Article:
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A woman signs an agreement.

The end of a relationship is never easy and going to family court can be stressful. If you are going through a separation or divorce, you should ideally look for ways to resolve issues arising from the breakdown of your marriage as quickly and painlessly as possible.

A written separation agreement can be a very effective way to get to a resolution so you can both move on with your lives. Despite the many potential benefits, one spouse may refuse to participate in negotiations or may negotiate a separation agreement and then refuse to sign it. In today’s blog post, our divorce lawyer will discuss what happens if a spouse will not sign a separation agreement.

What is a separation agreement?

A separation agreement is a legally binding contract that stipulates how spouses will handle various issues arising from the breakdown of their marriage, including but not limited to living arrangements, division of property, child support and parenting arrangements. As a legally binding contract, a separation agreement is enforceable by law should one of the spouses fail to fulfill their obligations. However, a separation agreement is not legally binding until it has been signed by both spouses and properly witnessed.

What if my spouse refuses to negotiate with me?

You can not force your spouse to negotiate with you if they are not willing to do so. There are many reasons why your spouse may not be willing to discuss issues arising from your marriage directly with you. It could be due to emotional issues such as fear, anger or sadness. It may be that you and your spouse are not amicable and can not talk without fighting. Or your spouse’s reluctance may be because they do not have a good understanding of their rights and obligations. There can also be good reasons why you may not want to negotiate directly with them such as a history of domestic violence.

Whatever the reason, you simply cannot force your spouse to hash things out with you on an informal basis. You can, however, use other methods to get your spouse to participate in the process or “come to the table” to work toward a resolution:

  1. Hire a divorce lawyer. An experienced divorce lawyer can smooth tensions, facilitate negotiations, and protect your rights. Things tend to get moving and stay moving when an experienced and reasonable family lawyer is involved.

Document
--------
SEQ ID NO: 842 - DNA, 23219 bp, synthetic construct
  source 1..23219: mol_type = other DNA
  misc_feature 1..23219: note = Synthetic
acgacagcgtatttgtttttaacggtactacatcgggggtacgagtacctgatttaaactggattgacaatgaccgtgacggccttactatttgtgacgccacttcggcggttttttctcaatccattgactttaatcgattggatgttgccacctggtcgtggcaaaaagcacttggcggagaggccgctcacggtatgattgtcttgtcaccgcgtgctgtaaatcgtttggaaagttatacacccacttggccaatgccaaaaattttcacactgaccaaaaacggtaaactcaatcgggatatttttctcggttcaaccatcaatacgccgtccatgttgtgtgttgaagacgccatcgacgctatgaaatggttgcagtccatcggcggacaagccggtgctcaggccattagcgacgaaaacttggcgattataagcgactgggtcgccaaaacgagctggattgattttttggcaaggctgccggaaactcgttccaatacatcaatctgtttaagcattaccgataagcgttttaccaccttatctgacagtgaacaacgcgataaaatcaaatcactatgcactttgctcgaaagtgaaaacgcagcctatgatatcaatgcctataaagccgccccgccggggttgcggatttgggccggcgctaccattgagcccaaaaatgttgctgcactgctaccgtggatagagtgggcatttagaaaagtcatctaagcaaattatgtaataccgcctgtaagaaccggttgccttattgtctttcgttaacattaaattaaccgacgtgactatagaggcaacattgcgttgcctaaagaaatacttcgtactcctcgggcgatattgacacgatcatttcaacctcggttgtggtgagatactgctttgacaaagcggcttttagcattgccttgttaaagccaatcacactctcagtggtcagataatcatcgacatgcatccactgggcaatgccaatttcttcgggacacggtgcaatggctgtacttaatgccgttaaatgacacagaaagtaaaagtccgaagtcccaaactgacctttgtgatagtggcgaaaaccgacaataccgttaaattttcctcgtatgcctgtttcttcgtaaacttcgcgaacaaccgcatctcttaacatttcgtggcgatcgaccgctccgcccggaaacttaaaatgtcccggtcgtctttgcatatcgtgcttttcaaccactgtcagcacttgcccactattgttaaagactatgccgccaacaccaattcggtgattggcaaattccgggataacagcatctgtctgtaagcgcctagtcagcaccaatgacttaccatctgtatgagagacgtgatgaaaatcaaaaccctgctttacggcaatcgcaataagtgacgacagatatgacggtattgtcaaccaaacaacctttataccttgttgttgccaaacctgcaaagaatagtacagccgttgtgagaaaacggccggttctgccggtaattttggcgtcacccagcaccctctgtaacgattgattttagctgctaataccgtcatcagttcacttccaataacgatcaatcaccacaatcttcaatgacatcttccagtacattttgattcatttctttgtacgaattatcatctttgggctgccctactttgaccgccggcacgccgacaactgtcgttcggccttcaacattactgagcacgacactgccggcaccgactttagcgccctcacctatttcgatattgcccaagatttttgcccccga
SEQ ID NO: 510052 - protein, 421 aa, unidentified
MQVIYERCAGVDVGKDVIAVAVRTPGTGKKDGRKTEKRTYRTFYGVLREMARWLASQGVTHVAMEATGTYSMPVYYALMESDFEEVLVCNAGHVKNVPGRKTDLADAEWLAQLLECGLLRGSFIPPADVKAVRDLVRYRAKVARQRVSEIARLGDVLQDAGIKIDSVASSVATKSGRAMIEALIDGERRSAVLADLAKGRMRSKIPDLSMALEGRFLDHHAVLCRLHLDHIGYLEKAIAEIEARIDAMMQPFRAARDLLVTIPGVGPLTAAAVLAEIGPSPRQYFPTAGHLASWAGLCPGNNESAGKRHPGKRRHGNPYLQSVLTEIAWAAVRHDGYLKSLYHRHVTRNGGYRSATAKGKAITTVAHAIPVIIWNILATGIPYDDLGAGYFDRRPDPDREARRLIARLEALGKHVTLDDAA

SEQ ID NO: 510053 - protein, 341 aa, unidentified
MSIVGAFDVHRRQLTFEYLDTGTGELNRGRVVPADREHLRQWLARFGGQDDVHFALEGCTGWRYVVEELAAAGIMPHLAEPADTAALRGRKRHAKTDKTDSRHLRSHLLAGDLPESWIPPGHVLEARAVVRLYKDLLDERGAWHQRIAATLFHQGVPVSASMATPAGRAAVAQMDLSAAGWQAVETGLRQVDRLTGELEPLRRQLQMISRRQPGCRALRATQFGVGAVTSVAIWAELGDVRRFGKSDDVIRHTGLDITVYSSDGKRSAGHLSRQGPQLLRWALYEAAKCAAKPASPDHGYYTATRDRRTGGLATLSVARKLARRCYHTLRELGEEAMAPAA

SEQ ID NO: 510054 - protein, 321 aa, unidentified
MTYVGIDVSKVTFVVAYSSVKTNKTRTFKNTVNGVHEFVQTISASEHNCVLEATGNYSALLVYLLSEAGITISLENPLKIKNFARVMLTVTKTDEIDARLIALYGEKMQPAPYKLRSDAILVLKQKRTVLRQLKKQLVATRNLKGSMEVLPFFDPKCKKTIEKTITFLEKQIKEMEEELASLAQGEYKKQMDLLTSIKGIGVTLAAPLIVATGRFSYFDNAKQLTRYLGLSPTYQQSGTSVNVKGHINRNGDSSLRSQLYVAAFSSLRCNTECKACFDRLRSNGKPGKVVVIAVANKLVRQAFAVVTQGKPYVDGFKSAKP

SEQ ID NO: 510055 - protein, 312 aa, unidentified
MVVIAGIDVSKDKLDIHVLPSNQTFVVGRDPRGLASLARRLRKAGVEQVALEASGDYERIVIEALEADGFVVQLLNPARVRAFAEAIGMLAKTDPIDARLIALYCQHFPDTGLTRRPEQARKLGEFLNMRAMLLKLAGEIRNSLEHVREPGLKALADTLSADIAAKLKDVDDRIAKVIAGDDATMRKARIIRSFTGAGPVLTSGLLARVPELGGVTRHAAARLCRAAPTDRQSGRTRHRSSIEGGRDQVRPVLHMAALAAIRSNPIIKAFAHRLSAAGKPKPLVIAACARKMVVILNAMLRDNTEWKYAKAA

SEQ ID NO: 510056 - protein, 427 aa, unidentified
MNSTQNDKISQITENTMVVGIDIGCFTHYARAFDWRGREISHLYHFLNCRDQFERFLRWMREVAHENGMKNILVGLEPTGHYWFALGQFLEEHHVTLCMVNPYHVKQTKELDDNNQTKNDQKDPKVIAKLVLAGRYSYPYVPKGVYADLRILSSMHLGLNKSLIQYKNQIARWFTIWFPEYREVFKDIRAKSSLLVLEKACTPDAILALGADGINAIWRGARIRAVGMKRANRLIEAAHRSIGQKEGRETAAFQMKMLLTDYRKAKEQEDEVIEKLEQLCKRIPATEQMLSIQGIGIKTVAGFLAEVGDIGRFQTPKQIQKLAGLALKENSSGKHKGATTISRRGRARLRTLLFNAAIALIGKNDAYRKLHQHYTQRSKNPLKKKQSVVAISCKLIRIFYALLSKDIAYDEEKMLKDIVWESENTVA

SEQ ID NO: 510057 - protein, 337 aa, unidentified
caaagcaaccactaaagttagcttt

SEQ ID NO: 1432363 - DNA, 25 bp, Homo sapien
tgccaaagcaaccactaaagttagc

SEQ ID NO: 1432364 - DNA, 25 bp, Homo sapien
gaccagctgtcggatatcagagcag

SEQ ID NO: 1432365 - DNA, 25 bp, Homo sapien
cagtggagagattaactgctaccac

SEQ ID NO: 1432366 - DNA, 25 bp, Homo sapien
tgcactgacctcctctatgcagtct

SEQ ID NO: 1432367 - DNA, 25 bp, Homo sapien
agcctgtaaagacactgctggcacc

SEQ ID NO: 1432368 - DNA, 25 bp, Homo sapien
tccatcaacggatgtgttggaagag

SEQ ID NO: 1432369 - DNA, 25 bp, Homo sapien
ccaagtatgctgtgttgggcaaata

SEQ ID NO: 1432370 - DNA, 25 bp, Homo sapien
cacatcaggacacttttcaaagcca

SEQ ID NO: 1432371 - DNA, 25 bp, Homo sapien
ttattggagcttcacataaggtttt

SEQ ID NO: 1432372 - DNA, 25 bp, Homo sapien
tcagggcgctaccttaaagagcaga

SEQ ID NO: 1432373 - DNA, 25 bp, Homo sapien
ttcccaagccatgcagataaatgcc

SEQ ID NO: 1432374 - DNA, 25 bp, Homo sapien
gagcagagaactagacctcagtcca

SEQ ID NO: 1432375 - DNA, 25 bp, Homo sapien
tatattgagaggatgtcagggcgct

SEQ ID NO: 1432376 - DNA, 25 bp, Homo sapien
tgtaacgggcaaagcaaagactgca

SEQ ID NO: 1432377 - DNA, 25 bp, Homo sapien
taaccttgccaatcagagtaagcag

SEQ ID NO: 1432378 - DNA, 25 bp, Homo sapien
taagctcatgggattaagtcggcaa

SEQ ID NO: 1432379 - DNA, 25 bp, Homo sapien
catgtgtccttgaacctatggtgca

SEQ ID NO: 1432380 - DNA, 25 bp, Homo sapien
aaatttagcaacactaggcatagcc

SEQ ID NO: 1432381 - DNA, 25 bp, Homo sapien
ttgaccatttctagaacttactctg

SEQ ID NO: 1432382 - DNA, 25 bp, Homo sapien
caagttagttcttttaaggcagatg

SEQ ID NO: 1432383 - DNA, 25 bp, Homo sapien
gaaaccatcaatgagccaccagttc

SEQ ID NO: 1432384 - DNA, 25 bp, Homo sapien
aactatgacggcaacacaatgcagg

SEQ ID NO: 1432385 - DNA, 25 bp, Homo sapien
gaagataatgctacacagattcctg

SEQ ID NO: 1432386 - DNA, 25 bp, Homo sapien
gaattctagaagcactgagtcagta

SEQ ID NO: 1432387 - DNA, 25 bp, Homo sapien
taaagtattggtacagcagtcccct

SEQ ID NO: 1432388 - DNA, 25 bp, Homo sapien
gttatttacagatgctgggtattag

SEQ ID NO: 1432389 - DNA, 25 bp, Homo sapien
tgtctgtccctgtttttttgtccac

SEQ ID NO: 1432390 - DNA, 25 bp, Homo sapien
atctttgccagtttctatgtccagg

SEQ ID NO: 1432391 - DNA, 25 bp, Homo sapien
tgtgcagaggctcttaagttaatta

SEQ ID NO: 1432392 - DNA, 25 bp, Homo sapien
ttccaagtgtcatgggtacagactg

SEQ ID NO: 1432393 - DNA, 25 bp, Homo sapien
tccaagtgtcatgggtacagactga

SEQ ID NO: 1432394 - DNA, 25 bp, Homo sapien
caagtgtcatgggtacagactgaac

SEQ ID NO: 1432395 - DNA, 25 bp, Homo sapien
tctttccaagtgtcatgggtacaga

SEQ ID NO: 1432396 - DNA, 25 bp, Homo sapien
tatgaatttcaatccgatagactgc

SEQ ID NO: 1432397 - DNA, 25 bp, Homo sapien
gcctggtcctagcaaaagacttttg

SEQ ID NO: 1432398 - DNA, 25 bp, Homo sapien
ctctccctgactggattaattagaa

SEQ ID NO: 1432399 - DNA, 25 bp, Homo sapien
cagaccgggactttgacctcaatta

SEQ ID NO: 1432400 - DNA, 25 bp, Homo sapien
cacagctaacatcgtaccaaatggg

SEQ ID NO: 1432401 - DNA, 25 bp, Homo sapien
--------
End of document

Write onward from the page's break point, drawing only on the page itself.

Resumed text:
2. Suggest mediation. A professional divorce mediator can help spouses settle disagreements, reach an amicable and fair separation agreement and stay out of the BC courts.

  3. Initiate the collaborative divorce process. Each spouse hires a collaborative divorce lawyer separately, then both parties agree to resolve their issues without going to court. A collaborative divorce allows the spouses to have equal input to move forward in the divorce process amicably.

What if my spouse won’t sign the separation agreement?

What happens if you put in the work, got an agreement in writing but your spouse refuses to sign it? They may refuse to sign because they do not understand the legal implications of the agreement. They may be feeling pressured, coerced, confused or too emotional. They may simply be being difficult or trying to drag out the process.

Regardless of the reason, you ca not force your spouse to sign a separation agreement even if they fully participated in the negotiations that led to the agreement being drafted. What you can do—if you haven’t already—is explore the three options set out above. An experienced family lawyer can discuss the mechanics of each of those options and advise you on which are recommended in your situation.

Your separation lawyer may also suggest looking at arbitration or hybrid mediation-arbitration (“med-arb”). In arbitration, you and your spouse hire a family law arbitrator. The arbitrator is neutral. Their job is to listen to evidence and your arguments, then make decisions that resolve your family law issues, just like a judge would.

Lastly, you can go to family court to resolve issues if your spouse refuses to negotiate or sign a separation agreement. While you may want to avoid litigation, it may be exactly what is needed to get things moving. If you start a court case and serve legal documents on your spouse this  will get their attention. If they fail to file a response in the time allotted by the court rules, you can move for default judgement against them.

It is important to understand that starting family law proceedings does not necessarily mean you will have to go all the way to a trial. There are many opportunities for formal and informal negotiations after you file a Notice of Family Claim to start your case. The vast majority of family court cases settle by way of a separation agreement or consent order without the need for a trial.

Protect yourself with trusted legal advice from a BC separation agreement lawyer

Valerie M. Little Law Corporation is a BC family law firm that has helped thousands of individuals going through separation or divorce. Let Valerie ease your stress by helping you reach a resolution with your ex-spouse. She can then incorporate the agreed upon terms into a legal and binding separation agreement. Valerie has many years of experience as a BC separation lawyer and works with a qualified and compassionate team to ensure you get the best possible service.

Valerie M. Little Law Corporation is a family law firm centrally located in New Westminster and serves all of Burnaby, Port Moody, Maple Ridge, Coquitlam, Port Coquitlam, Vancouver, North Vancouver, West Vancouver, Squamish, Whistler, Richmond, Surrey, Cloverdale, Delta and Langley.

To schedule your confidential appointment, call 604-526-3333 or email her today.



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